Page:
Delaney Allen

(L) Self Portrait No. 7 and (R) Alone from Painting A Portrait


Wavepool – Your work seamlessly blends together abstract, landscape, portrait, and still life images as well as text components into poetic narratives related to self. How do you go about sequencing a body of work?

Delaney Allen – It generally starts with a simple idea of what instances I’ve been encountering or how I’ve been feeling as I reflect back. Once I have an idea in place, I’ll move forward with varying titles I’ve been playing around with and then see where that can further take me. I spend a lot of time researching and pulling from a wide variety of books. At that point the foundation had been laid for what I want to achieve. I shoot such a mixture of imagery that once that story is set, I start pulling from my archives to fill in the blanks.

The sequencing of the work itself, whether on a gallery wall or in book form, normally comes from the mood of the work. I will tend to try to stay to certain colors as I edit down and from there just work on the pairings that can begin to give an almost linear feel to the tone of the work.

Wavepool – Is it ever difficult to work with personal content? What is rewarding about it?

Delaney Allen – It can be at times. If others are brought into the story, I want to find a balance that’s fair but also truthful to the story being told. I also find myself being too transparent at times and am trying to pair that back as I continue to make new work. But otherwise I do find it rewarding. It’s therapeutic in a sense. I spend the time really analyzing these issues I’ve had and by the time the work is complete it’s almost like being able to close a book and move on.


Sunset Dinner at the Four Seasons, Nevis, West Indies from A Personal Nature


Wavepool – I like your play with time and memory in A Personal Nature.  Your exploration of both past and present seems to make the work take on some kind of fictional quality. Is this a desired effect? What role does fiction play in your practice?

Delaney Allen – I can see a fictional quality in that body of work. When I began the series, I was really questioning the ideas behind memory. How do we actually remember an event? Is that memory even truthful or have we completely changed it in our minds? So in order to complete the series, I found myself taking these vivid memories I had and reworking them in a sense. The fact that I had never photographed the actual event made everything I was remembering fictional at that point.

I feel that fiction is definitely there to a degree within my work. The minute anyone decides where the border of the image will be, it’s not fully telling to what was actually in front of him or her. And when editing work, I’m looking to tell the best story possible. With that, I might be leaving out details that would have shed even more light on certain things.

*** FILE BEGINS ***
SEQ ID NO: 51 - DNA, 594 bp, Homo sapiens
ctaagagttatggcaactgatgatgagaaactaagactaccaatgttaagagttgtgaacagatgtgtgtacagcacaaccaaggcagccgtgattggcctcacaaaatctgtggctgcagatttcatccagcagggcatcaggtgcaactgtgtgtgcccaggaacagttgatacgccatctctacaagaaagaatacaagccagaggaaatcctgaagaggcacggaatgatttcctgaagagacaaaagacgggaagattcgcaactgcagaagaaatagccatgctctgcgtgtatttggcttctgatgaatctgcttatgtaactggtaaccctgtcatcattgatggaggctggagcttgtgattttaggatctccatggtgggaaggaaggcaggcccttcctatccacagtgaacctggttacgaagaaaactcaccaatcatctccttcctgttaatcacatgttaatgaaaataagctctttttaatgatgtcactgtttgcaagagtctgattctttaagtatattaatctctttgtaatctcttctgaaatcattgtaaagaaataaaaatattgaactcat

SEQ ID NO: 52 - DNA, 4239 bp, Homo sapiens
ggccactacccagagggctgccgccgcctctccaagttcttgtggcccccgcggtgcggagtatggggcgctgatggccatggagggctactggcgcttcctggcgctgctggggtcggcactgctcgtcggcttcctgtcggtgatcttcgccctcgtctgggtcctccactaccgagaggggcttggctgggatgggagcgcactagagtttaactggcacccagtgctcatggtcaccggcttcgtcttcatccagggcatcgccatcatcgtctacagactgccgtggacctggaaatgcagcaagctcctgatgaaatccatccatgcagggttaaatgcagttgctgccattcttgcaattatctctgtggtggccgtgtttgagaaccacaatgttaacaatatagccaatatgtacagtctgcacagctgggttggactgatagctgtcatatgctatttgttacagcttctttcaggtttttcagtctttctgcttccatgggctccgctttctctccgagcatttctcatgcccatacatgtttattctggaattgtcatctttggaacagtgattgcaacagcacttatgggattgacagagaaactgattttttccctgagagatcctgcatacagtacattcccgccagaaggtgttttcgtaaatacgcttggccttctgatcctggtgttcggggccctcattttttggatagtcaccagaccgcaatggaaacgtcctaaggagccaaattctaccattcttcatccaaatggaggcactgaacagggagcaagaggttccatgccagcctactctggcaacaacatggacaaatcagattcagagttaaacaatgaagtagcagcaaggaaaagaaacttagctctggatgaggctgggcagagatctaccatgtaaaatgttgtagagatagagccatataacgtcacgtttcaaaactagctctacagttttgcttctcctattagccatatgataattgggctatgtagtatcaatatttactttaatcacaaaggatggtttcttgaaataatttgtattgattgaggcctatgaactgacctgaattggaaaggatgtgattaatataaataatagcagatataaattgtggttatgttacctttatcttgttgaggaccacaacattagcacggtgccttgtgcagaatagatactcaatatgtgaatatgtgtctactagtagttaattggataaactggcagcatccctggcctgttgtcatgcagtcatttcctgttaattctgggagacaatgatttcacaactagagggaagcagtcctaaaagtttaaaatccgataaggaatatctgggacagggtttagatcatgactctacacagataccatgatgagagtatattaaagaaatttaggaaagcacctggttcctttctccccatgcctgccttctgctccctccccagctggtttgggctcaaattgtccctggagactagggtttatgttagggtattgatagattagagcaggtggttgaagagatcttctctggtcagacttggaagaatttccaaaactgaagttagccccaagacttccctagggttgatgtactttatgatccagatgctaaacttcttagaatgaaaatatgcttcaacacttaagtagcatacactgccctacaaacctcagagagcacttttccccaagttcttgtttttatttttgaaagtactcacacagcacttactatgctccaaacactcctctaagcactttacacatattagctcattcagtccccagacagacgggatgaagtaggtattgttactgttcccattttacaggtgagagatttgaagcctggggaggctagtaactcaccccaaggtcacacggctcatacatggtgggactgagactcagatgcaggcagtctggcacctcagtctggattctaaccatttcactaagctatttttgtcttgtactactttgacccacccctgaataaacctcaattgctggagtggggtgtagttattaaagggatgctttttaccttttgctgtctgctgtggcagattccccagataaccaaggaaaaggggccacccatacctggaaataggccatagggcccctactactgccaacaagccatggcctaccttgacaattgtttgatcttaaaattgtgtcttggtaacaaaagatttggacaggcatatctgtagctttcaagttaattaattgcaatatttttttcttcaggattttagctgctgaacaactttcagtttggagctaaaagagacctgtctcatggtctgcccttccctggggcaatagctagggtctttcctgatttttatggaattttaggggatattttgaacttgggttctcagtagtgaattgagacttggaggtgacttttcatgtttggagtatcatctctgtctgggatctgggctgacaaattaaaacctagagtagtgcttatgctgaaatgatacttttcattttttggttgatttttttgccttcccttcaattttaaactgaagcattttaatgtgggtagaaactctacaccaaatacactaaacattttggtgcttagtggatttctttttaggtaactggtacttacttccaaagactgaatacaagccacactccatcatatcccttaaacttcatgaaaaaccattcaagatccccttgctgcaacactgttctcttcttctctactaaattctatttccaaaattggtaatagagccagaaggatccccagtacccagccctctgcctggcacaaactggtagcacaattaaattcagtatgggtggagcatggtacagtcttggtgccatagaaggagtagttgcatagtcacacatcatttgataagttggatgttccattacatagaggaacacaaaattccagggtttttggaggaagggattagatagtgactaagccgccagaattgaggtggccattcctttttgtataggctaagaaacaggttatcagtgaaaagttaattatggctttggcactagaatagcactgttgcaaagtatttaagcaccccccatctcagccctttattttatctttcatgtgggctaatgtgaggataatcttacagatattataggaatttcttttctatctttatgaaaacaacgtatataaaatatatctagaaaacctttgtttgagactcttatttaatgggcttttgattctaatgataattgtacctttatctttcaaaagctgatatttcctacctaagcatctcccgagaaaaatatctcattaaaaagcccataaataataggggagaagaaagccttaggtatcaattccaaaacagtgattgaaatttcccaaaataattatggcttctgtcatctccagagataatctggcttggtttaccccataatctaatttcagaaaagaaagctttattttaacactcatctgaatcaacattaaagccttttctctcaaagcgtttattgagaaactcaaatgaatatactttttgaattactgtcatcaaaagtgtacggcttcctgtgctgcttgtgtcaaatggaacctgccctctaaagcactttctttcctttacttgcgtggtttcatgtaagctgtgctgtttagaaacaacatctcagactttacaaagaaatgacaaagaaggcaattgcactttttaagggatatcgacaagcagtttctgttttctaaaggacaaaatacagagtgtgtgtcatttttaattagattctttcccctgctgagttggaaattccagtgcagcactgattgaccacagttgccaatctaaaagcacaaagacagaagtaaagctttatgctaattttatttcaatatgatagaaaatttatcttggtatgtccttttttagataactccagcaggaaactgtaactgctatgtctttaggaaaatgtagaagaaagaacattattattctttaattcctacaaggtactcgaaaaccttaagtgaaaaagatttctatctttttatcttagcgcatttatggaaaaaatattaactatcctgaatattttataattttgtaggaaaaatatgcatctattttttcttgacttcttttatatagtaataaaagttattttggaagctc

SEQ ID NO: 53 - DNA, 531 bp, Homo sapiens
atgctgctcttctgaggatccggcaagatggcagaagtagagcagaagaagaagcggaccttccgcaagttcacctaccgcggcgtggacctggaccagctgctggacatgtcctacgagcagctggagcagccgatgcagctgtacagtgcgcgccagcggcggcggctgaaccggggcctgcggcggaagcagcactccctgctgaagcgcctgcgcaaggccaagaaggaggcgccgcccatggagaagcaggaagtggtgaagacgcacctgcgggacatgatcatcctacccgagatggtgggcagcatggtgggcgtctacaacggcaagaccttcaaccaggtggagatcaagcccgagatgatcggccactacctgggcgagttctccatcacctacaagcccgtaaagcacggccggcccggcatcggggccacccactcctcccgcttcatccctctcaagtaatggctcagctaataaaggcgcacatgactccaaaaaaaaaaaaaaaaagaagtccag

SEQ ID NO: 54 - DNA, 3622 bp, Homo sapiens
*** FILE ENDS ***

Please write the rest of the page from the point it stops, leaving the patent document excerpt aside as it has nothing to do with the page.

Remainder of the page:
Wavepool – Many of your projects result in a book. Is this usually the intended outcome when the project begins? What do you like about the book format?

Delaney Allen – That was something I spent a lot of time researching while in graduate school. For me, the book is the ultimate outcome. Gallery shows limit you on time and space. Knowing that, I’ve always intended that the book be an option as well. The book will allow the viewers to approach the work at their own speed. It allows for time to sit and analyze and really delve into the story if you desire. And ultimately it allows for me to expand on ideas that I might not be able to in a gallery setting – small tidbits that wouldn’t work framed, extra information not needed in a show.


Exploring Northern California from Getting Lost


Wavepool – You attended the Little Brown Mushroom Camp for Socially Awkward Storytellers in the summer of 2013. How was the experience?

Delaney Allen – To be honest, it was pretty challenging and a bit strange. For those of us that were invited to attend, we showed up in Minneapolis having absolutely no idea what to expect. We were told nothing beforehand other than our address to meet at and what time. Within the first day we were being paired up with other people to go out and explore the neighborhoods and come back with a story in a matter of hours.

As the week wore on, I was able to come to a conclusion of what I wanted from the camp. For me, it became about how to experiment with storytelling. It allowed me to look at other avenues to explore, mainly video and sound. And by the end of the week, I had an experimental story that incorporated photo, text, video and sound.

Wavepool – Who are some major influences, either past or present?

Delaney Allen – Early on, I was drawn to artists like William Wegman and Duane Michals. In their earlier works, both used text as a simple means to further the image. A lot of my undergrad work was derived from studying them. Currently, my influences vary widely and a lot of it falls outside of photography. I tend to research a lot psychology and that has become important in my making. Other than that, I look for different artistic outlets that will challenge the ideas around storytelling as inspiration.


Emotion from Getting Lost


To see more, please visit Delaney’s website.